Thursday, 18 June 2015

Down on the Farm

Ecologists get down and dirty for Glastonbury
Mud and music aside, portaloos are a perennial preoccupation for festival goers. Visitors to this year's Glastonbury, however, will be enjoying compost toilets, and thanks to a team of enthusiastic young ecologists festival goers will be able to dig a bit deeper into the workings of the compost loo.
The ecologists from Lancaster, Cambridge and the Open University will be bringing their stall – Sex & Bugs & Rock 'n Roll – to Glastonbury for the first time this year. Over the past two years they have wowed the crowds at Wychwood, Larmer Tree and Green Man with the fun side of ecology.
Festival goers who drop round to Sex & Bugs & Rock 'n Roll will be able to discover why compost loos pong less than their chemical counterparts, and why you need to take a scoop of sawdust with you when you use the waterless dunnie. A series of jars containing different materials will illustrate how long things take to decompose and how important microbes are to the process.
Continuing with compost, the stall will be hosting a terrarium containing soil, a cow pat and some native UK dung beetles to reveal why we're not knee-deep in the tonnes of dung that animals produce each year. During the course of the festival, visitors will be able to monitor the beetles' progress as they bury the dung.
Rounding off the dung theme, festival goers can play the ever-popular 'Whose poos?' (the #poogame) by matching 3D rubber replicas of animal poos to pictures of the correct animal.

Dr Emma Sayer, an ecologist from Lancaster University, came up with the idea for Sex & Bugs & Rock 'n Roll for the British Ecological Society's centenary celebration in 2013 as a way of making research accessible to everyone, and encouraging researchers out of the comfort zone of the campus and into the mud-splattered crowds of music festivals.
“You don't need a lab coat or a PhD to enjoy science,” she said. “Ecologists love going to festivals and we're certainly used to muddy fields. We're really passionate about what we do, so having a bit of fun at music festivals is a brilliant way of sharing our enthusiasm for ecology.”
Other activities to delight festival goers include 'Magical mushrooms', which uses smell pots to test visitors' sense of smell and demonstrate the surprising aromas that different fungi produce, and 'How gross is your festival kit'.

“We'll be inviting people to take a seat on the 'swab throne' and pick an item of clothing or festival gear they'd like us to swab,” Emma explained. “We plate the swabs on agar gel, label them with the visitor's name or alias, and culture them for a few days. Then we take a photograph of each plate and post the images on the festival 'Hall of Shame' where people can download images of their very-own festival bacteria.”

Sex & Bugs & Rock 'n Roll is just one activity in a national set of events to get everyone to come and take part in the Great British Summer of Science to celebrate 50 years of world-leading environmental science funded by NERC.

Monday, 8 June 2015

That's the way

The Roadies launched the 2015 festival season with a successful but occasionally damp weekend at the lovely Wychwood Festival. 
A full post will follow shortly but in the meantime, here are the first festival photos!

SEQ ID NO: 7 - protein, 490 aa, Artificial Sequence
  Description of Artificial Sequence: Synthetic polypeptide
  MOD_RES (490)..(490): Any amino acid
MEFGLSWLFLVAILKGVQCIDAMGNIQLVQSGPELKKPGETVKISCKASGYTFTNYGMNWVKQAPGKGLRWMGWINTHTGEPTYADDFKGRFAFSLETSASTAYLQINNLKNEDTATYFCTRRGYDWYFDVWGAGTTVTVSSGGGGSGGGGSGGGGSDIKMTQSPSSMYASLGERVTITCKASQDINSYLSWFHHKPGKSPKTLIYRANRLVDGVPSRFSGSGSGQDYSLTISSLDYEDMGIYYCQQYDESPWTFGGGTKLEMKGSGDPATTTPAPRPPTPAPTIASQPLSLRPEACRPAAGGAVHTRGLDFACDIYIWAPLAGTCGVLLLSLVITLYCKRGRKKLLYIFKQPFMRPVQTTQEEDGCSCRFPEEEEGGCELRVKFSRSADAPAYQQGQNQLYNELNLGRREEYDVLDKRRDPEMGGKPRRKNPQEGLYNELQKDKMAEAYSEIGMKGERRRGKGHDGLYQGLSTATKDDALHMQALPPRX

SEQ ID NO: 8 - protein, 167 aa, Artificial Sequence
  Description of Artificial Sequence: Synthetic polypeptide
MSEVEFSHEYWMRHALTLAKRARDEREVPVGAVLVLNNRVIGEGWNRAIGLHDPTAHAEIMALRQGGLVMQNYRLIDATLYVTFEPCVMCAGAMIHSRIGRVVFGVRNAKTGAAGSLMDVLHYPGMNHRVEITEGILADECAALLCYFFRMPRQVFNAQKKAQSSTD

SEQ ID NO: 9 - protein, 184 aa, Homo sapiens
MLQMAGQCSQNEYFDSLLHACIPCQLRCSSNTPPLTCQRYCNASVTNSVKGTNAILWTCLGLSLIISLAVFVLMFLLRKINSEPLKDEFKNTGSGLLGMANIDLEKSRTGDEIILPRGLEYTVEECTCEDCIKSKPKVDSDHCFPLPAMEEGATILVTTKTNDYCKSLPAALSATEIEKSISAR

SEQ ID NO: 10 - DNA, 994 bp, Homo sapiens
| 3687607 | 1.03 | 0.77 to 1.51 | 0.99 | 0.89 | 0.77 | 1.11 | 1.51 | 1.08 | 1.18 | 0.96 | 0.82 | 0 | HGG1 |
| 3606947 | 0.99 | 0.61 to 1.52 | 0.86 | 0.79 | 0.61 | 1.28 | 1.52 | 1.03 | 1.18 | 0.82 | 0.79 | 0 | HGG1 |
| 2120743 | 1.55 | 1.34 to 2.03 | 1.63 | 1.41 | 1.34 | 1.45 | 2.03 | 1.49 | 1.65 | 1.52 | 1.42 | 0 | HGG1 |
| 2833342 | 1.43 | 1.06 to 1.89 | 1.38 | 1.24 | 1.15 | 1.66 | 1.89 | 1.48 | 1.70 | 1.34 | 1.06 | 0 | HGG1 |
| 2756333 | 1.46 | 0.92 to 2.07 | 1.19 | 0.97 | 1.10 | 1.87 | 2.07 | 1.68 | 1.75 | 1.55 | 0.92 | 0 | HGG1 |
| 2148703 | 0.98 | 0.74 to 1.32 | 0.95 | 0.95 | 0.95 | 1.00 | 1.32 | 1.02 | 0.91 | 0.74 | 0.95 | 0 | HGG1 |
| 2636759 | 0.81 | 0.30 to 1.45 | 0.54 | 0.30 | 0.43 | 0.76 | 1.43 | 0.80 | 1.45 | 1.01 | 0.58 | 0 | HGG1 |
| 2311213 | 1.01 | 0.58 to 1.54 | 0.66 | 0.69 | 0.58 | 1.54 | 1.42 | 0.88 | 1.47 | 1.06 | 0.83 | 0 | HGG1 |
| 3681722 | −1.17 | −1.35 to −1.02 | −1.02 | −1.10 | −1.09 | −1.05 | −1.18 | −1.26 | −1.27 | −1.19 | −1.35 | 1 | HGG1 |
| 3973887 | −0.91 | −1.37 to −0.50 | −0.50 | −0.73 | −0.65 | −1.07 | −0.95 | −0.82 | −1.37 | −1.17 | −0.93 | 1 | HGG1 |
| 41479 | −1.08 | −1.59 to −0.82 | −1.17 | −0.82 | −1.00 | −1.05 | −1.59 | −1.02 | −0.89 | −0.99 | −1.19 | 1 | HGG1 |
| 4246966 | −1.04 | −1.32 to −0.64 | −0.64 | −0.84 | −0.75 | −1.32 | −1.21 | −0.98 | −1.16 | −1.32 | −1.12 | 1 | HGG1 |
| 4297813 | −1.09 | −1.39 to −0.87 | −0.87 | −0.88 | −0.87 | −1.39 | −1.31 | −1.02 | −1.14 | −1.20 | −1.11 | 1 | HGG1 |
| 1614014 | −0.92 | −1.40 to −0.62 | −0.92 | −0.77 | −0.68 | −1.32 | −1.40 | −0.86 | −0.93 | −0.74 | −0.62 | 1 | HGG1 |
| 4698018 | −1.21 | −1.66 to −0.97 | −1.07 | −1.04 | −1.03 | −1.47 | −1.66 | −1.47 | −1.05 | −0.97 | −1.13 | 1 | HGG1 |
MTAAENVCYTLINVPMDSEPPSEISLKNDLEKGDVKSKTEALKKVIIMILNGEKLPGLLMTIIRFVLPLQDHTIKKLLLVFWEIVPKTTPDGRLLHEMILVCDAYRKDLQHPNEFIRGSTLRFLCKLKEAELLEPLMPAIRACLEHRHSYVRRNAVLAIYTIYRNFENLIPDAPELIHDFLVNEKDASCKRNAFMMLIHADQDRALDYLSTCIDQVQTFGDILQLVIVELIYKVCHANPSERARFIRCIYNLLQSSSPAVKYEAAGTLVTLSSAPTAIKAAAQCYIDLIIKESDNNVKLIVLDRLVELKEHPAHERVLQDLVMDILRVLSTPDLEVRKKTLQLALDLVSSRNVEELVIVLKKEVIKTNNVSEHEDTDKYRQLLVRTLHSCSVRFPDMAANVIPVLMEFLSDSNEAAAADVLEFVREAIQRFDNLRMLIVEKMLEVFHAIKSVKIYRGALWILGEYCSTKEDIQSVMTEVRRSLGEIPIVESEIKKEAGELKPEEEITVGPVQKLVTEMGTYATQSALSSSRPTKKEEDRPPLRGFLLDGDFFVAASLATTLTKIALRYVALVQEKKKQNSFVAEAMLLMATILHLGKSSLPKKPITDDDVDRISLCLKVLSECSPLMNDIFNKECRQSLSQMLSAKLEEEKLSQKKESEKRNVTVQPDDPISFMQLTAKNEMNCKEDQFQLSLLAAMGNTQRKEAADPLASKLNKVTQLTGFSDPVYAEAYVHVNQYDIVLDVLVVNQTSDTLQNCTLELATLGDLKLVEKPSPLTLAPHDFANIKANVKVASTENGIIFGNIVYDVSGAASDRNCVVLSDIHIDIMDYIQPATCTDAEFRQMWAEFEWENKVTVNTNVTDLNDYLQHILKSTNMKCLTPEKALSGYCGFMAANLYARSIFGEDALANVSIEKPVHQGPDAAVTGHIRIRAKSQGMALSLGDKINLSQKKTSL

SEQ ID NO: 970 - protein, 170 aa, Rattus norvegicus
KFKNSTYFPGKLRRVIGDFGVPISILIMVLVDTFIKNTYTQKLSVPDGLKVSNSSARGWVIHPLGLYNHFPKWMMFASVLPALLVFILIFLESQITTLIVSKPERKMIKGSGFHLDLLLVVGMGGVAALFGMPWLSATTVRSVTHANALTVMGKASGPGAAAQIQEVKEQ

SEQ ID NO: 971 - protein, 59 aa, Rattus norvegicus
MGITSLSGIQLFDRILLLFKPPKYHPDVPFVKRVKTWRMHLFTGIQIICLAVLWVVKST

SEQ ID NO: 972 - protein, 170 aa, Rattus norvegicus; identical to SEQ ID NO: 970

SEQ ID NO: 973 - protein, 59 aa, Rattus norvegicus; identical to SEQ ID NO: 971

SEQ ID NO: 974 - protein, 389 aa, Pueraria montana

Thanks a million to Graeme, Stefan and Jem for a fantastic festival - we're already looking forward to 2016!

Wednesday, 20 May 2015

Back in the Saddle

The roadies are back! And we start 2015 in a different setting. This time the experience wasn’t as loud or covered in mud as usual! No blue tent, dirty wellies or face painting, but still a great bunch of activities for the 120 year 9 Geography students from Urmston Grammar School to enjoy and learn about Food Security. The day included 5 different activities hosted by Lancaster Environment Centre academics covering different aspects of food security including: a discussion on Famine and Food, mark-release-recapture in population ecology with 'Science Hunters', a discussion on Food waste and food miles, Guerrilla Gardening with a seed bombing workshop and us, ‘Sex and Bugs and Rock 'N Roll'. The visiting students took part in all of these activities in groups of 30 over the course of the day.

We had a great team of BES Roadies from Lancaster University, including the old timers: Catherine, John and Eduardo, and 4 first-timers: Erika, Natalie, Rowan and Benita. The Roadies activity started with Catherine introducing Sex & Bugs & Rock ‘n Roll, with the BES Roadies trailer and setting the atmosphere for a dynamic, informative yet relaxed 30 minutes of good old Ecology and science busks, with the rest of the team waiting at the back of the room, primed and ready for the stampede of 30 students.

Favourites like #poogame rapidly caught the attention of the students. I think they all were amazed on how much information we can gather from staring at animal poo! We also had a stall about the importance of pollinators for food security, and at the same time students could jump across the room to figure out which UK species they are similar to.

Our posters and games on the importance of water and soil for food production stimulated a debate among students and even encouraged the participation of teachers, as they tried to figure out how to complete the puzzle by matching different food items to the amount of water needed to produce them.  It was very exciting to see teachers getting interested and taking part in the process. Several came to us with interesting anecdotes on how they approach these topics in school and even suggested to use the “Smoke on the water” poster in their class.

For us, this was a great way to start 2015. Now it’s time to put the wellies back on and hit the road. Wychwood Festival, here we come!

Post by Eduardo